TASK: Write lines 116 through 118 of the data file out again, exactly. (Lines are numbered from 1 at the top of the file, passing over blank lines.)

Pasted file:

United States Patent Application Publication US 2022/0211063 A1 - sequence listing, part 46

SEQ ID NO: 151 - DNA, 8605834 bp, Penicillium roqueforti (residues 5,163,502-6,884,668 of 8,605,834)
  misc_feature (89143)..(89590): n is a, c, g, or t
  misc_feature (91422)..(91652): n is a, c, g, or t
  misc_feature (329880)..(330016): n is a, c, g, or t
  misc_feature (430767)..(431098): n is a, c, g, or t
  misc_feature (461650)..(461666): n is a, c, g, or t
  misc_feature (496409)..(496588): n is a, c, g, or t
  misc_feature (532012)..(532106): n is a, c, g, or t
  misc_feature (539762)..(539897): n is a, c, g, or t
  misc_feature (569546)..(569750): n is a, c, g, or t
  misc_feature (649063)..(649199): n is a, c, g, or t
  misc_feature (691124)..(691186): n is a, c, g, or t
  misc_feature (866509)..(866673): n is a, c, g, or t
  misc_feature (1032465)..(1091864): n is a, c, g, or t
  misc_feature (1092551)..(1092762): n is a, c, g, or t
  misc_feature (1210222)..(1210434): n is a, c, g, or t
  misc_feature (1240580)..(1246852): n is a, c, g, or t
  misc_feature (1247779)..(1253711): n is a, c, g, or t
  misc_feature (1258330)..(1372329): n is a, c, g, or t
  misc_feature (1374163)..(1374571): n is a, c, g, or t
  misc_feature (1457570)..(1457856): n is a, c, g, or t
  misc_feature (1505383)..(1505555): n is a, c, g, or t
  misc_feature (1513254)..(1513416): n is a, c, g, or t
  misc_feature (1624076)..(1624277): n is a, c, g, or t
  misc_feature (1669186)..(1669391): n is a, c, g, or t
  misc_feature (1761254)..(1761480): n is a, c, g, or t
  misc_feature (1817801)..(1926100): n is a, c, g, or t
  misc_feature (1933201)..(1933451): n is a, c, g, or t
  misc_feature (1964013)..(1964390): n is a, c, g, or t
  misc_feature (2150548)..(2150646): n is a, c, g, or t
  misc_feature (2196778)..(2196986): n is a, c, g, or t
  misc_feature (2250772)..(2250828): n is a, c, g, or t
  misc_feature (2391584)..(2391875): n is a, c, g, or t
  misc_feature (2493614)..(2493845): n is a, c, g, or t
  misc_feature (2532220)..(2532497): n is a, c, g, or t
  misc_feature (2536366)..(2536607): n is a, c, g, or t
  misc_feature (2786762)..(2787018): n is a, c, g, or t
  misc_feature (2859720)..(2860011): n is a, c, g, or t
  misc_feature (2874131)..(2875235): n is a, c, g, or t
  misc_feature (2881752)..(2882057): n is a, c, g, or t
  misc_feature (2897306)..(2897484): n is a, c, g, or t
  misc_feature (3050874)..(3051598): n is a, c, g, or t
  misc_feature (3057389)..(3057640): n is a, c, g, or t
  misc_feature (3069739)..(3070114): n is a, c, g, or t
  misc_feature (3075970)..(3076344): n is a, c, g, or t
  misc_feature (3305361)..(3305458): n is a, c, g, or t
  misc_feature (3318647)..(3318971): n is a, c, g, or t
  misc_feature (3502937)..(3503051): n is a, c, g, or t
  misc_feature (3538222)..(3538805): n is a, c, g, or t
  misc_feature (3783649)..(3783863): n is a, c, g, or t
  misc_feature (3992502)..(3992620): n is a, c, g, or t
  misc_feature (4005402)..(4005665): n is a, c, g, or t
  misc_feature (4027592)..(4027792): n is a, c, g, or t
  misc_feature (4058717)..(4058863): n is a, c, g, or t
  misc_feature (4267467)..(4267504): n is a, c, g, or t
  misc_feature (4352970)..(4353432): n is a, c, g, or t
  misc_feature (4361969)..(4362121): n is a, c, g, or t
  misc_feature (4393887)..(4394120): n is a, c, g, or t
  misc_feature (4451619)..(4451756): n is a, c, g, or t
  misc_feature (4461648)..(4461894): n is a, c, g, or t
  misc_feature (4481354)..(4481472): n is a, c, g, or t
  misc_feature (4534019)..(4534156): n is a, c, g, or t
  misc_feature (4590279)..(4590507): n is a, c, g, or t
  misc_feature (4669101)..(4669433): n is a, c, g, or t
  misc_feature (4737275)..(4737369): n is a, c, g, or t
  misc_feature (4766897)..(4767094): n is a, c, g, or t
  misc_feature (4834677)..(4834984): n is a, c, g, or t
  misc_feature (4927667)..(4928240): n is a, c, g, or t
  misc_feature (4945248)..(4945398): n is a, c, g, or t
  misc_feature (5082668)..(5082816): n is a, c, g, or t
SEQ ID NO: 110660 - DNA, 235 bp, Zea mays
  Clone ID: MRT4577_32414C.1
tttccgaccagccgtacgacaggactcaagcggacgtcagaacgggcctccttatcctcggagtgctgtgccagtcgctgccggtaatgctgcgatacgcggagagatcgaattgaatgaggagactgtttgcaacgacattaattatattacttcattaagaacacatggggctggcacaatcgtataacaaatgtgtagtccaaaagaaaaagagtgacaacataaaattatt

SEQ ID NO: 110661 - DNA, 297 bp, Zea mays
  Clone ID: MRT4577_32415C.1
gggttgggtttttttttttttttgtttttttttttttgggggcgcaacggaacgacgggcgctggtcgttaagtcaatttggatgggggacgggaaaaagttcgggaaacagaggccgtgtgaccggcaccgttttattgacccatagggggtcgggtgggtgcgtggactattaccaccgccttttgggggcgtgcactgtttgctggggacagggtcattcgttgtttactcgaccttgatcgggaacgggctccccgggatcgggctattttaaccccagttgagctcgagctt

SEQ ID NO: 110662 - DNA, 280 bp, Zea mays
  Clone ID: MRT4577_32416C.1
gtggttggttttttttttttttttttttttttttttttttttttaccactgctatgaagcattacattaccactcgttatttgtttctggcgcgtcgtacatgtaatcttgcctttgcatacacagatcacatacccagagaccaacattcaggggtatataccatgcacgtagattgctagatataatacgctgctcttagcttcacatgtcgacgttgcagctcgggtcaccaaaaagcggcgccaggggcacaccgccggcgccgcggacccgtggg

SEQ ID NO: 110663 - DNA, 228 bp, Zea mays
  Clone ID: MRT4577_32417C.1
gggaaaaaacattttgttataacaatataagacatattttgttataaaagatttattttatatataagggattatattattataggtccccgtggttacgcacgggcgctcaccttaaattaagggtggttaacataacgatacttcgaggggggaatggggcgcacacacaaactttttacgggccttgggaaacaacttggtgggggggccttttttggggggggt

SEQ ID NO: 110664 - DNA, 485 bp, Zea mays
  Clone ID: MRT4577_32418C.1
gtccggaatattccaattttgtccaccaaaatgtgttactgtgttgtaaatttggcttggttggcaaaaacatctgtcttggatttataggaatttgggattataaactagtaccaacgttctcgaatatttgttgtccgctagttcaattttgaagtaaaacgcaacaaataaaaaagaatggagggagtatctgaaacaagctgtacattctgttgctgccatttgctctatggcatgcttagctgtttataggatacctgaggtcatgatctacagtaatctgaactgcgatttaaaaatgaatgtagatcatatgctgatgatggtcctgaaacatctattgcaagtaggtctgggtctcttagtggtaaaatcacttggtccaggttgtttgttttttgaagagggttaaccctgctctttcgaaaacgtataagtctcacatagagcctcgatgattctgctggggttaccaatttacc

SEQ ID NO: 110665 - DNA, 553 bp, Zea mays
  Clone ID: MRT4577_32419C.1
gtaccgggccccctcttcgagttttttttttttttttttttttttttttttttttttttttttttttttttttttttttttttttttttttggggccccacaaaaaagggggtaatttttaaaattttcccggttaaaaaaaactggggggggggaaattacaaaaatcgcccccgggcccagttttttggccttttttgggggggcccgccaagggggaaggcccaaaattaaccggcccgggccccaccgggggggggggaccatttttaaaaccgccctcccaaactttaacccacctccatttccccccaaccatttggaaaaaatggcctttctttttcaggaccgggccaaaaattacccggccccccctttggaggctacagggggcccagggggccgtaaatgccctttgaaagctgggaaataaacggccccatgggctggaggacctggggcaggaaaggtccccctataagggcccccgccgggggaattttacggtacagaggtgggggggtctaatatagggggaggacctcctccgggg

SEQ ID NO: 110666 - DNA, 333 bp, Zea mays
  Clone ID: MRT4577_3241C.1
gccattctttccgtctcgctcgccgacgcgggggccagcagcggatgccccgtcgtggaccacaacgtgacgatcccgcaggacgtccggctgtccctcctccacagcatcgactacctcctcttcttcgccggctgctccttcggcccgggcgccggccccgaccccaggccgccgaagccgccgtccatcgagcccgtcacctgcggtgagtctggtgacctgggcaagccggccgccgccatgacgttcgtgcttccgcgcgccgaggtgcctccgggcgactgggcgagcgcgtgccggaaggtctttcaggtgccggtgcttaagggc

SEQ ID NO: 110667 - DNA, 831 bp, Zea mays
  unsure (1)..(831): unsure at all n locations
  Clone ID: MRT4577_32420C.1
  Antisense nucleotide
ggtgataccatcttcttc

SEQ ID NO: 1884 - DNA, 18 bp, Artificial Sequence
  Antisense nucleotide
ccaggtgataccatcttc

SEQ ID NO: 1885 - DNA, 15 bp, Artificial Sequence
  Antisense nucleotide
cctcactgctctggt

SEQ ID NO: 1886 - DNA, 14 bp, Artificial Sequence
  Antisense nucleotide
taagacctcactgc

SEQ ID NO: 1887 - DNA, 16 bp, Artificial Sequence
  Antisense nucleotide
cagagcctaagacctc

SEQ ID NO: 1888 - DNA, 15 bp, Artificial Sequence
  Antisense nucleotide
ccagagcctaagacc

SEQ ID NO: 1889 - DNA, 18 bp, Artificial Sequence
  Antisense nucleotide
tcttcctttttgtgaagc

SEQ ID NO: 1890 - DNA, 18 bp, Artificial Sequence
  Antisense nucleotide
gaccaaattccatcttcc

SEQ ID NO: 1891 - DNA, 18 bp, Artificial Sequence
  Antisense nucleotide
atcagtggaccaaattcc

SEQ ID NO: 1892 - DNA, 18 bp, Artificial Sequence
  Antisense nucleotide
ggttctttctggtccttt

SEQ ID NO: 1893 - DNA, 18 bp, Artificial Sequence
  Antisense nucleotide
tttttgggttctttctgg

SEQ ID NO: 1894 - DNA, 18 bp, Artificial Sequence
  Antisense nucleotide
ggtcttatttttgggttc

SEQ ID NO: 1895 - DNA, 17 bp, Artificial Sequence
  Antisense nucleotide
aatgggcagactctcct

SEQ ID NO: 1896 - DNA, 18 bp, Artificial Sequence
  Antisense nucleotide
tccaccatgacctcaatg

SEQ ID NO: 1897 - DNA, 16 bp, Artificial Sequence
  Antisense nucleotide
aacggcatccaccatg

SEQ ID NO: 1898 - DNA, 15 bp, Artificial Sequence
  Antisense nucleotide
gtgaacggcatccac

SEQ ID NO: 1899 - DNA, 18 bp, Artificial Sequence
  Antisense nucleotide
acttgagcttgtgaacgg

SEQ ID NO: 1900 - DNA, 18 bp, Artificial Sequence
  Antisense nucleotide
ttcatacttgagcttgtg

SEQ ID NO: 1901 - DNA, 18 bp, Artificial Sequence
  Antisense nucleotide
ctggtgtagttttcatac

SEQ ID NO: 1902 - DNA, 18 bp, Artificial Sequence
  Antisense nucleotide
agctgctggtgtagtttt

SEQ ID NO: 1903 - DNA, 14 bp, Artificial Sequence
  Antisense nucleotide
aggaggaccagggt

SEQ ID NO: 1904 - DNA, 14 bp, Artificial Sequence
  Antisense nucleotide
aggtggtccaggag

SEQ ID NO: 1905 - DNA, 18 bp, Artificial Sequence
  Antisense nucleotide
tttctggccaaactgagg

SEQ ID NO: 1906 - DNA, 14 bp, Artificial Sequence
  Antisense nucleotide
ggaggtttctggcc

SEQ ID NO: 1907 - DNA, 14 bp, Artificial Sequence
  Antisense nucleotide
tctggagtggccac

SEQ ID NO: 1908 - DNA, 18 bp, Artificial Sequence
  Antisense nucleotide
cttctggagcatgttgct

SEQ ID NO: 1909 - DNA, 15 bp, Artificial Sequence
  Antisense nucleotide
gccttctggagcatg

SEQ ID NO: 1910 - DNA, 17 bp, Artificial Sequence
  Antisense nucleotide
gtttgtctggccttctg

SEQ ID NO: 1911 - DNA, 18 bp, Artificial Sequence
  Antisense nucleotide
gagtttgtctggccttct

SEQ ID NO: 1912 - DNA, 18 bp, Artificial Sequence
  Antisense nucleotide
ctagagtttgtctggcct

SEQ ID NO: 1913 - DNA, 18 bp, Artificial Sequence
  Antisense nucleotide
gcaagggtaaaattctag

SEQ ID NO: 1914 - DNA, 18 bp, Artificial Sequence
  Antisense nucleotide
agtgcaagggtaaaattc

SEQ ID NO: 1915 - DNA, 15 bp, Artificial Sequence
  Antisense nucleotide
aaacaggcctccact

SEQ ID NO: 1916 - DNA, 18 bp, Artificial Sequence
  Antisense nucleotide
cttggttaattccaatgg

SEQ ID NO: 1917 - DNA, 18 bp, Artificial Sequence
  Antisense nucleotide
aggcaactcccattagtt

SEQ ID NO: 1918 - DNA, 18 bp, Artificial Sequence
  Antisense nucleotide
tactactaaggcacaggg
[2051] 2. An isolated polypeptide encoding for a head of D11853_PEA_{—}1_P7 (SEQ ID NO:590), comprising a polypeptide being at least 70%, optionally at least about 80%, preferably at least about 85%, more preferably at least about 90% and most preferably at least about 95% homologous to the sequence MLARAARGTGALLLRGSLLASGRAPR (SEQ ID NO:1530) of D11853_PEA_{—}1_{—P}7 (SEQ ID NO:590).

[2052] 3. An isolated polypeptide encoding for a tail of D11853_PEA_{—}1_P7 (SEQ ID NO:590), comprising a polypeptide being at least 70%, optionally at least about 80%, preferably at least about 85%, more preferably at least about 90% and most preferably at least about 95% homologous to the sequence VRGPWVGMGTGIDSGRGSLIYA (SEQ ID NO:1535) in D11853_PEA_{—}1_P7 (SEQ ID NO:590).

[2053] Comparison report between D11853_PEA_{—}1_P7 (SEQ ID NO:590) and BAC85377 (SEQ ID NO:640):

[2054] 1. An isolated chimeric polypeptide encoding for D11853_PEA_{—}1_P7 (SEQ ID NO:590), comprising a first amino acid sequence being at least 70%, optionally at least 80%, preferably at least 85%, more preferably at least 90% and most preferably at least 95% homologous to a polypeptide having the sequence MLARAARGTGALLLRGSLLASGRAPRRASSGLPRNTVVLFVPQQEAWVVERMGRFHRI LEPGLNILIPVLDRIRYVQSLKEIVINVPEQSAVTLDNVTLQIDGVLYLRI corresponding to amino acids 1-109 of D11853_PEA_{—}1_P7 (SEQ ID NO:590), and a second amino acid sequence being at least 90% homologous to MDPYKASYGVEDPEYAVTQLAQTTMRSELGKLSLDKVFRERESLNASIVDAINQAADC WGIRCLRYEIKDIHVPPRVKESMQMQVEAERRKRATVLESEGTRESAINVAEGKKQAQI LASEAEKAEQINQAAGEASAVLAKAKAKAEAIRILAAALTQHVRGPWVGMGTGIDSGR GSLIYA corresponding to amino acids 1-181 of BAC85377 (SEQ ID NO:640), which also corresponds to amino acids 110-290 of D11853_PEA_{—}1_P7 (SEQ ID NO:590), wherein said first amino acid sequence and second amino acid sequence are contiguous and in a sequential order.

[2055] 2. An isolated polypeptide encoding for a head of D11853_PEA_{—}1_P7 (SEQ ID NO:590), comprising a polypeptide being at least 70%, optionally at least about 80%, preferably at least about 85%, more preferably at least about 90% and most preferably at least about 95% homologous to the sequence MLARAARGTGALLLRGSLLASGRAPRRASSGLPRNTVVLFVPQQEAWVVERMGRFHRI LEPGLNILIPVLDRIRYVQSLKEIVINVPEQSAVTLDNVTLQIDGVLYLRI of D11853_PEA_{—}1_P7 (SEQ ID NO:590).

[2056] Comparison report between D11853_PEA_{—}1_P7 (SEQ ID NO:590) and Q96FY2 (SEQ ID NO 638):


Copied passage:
SEQ ID NO: 1890 - DNA, 18 bp, Artificial Sequence
  Antisense nucleotide
gaccaaattccatcttcc